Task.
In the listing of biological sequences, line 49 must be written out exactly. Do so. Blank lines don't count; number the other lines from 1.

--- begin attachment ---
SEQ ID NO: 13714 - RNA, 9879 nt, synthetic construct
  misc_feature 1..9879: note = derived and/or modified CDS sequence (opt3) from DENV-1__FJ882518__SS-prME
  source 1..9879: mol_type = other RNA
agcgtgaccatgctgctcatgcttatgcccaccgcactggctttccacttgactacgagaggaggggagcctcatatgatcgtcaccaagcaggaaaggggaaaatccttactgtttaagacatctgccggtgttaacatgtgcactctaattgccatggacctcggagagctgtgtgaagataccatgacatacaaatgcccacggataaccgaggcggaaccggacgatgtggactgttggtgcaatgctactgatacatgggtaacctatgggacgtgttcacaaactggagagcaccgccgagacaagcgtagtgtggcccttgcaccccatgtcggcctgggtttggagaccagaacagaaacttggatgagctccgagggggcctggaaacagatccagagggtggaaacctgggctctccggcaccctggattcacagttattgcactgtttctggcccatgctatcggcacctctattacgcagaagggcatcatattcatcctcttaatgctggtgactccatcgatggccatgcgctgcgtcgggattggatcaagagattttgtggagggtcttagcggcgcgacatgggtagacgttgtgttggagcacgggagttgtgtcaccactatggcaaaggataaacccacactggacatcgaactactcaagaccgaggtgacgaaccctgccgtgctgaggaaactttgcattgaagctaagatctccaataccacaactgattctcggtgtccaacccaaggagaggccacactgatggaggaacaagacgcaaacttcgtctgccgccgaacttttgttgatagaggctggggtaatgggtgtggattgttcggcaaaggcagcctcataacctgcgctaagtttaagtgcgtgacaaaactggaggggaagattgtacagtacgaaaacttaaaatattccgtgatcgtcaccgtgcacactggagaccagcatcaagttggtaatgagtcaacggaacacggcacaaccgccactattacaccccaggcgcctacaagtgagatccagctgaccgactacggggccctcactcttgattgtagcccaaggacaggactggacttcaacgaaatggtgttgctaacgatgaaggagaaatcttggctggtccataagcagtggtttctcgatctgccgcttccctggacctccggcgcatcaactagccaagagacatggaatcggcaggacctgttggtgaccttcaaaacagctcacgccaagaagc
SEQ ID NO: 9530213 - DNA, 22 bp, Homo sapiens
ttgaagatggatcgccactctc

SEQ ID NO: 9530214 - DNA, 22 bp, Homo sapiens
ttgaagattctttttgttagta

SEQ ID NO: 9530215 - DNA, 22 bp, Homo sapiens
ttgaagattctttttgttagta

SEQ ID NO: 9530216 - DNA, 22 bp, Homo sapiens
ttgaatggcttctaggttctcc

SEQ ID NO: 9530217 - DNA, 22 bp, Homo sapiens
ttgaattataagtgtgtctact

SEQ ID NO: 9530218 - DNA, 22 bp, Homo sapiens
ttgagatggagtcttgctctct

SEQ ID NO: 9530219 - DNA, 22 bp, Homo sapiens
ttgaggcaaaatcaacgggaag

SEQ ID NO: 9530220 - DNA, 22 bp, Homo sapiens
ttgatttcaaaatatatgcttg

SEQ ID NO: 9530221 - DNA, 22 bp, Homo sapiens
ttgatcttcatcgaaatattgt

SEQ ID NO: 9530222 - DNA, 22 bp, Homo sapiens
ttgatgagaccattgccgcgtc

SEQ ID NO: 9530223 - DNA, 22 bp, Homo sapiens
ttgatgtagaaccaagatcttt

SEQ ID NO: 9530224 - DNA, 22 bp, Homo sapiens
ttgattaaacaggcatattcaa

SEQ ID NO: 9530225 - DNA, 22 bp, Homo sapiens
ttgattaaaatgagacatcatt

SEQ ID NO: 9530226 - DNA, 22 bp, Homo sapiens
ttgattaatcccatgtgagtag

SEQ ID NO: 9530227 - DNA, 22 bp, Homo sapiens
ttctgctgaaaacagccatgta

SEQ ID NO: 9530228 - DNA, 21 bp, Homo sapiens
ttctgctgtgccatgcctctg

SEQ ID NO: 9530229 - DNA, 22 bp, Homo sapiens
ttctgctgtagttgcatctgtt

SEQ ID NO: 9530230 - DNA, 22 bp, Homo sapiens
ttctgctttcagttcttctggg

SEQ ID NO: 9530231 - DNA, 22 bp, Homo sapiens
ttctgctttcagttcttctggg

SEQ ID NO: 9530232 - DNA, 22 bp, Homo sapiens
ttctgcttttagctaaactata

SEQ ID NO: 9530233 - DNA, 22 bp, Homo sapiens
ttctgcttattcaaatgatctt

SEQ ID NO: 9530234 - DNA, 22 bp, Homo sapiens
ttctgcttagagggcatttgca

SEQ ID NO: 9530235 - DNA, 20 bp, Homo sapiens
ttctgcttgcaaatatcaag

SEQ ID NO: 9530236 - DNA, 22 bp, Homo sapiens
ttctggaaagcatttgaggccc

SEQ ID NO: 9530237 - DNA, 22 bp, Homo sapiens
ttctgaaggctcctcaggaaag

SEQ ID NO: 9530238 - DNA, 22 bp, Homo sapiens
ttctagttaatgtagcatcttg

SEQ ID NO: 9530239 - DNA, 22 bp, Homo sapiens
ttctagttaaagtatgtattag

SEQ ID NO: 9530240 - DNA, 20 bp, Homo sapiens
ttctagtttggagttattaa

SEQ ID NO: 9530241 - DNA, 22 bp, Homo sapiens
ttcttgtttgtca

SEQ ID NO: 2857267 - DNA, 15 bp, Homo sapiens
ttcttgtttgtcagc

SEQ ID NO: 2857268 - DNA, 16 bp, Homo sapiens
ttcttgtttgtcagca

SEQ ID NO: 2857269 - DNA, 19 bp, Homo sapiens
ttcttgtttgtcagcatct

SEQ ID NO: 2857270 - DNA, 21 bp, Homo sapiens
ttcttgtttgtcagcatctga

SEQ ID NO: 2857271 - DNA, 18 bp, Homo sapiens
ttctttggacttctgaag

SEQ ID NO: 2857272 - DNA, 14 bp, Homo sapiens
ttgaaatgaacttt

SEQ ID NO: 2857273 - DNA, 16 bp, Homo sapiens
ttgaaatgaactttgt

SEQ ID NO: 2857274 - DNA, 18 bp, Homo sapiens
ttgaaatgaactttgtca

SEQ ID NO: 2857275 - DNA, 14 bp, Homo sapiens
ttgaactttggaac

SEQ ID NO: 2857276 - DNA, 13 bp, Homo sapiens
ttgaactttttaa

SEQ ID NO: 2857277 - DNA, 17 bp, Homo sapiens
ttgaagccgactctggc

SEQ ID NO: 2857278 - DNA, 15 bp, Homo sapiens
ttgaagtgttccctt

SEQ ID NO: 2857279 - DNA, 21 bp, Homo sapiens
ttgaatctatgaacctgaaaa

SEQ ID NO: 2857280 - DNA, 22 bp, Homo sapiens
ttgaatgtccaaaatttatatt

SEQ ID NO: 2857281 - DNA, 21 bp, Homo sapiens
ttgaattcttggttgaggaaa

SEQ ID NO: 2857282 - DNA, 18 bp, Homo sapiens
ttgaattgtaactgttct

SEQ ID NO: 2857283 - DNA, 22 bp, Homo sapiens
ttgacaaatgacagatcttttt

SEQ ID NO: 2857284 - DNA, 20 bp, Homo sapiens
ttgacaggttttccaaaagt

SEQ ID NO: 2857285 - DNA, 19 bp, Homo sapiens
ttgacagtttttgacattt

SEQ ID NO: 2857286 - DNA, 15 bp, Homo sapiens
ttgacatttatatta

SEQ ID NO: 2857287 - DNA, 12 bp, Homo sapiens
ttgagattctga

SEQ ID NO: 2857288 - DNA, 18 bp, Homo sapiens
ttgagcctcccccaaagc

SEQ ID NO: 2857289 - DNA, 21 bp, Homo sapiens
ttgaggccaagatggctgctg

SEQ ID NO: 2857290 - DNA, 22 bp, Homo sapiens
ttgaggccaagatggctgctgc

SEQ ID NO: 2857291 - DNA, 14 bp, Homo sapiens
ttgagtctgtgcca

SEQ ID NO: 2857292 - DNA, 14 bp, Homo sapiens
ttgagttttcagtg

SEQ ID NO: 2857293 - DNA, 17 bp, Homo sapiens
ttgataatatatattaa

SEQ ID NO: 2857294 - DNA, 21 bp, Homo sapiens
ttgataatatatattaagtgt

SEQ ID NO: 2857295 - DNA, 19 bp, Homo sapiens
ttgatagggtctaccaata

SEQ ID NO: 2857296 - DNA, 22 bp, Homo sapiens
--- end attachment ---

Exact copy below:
SEQ ID NO: 9530235 - DNA, 20 bp, Homo sapiens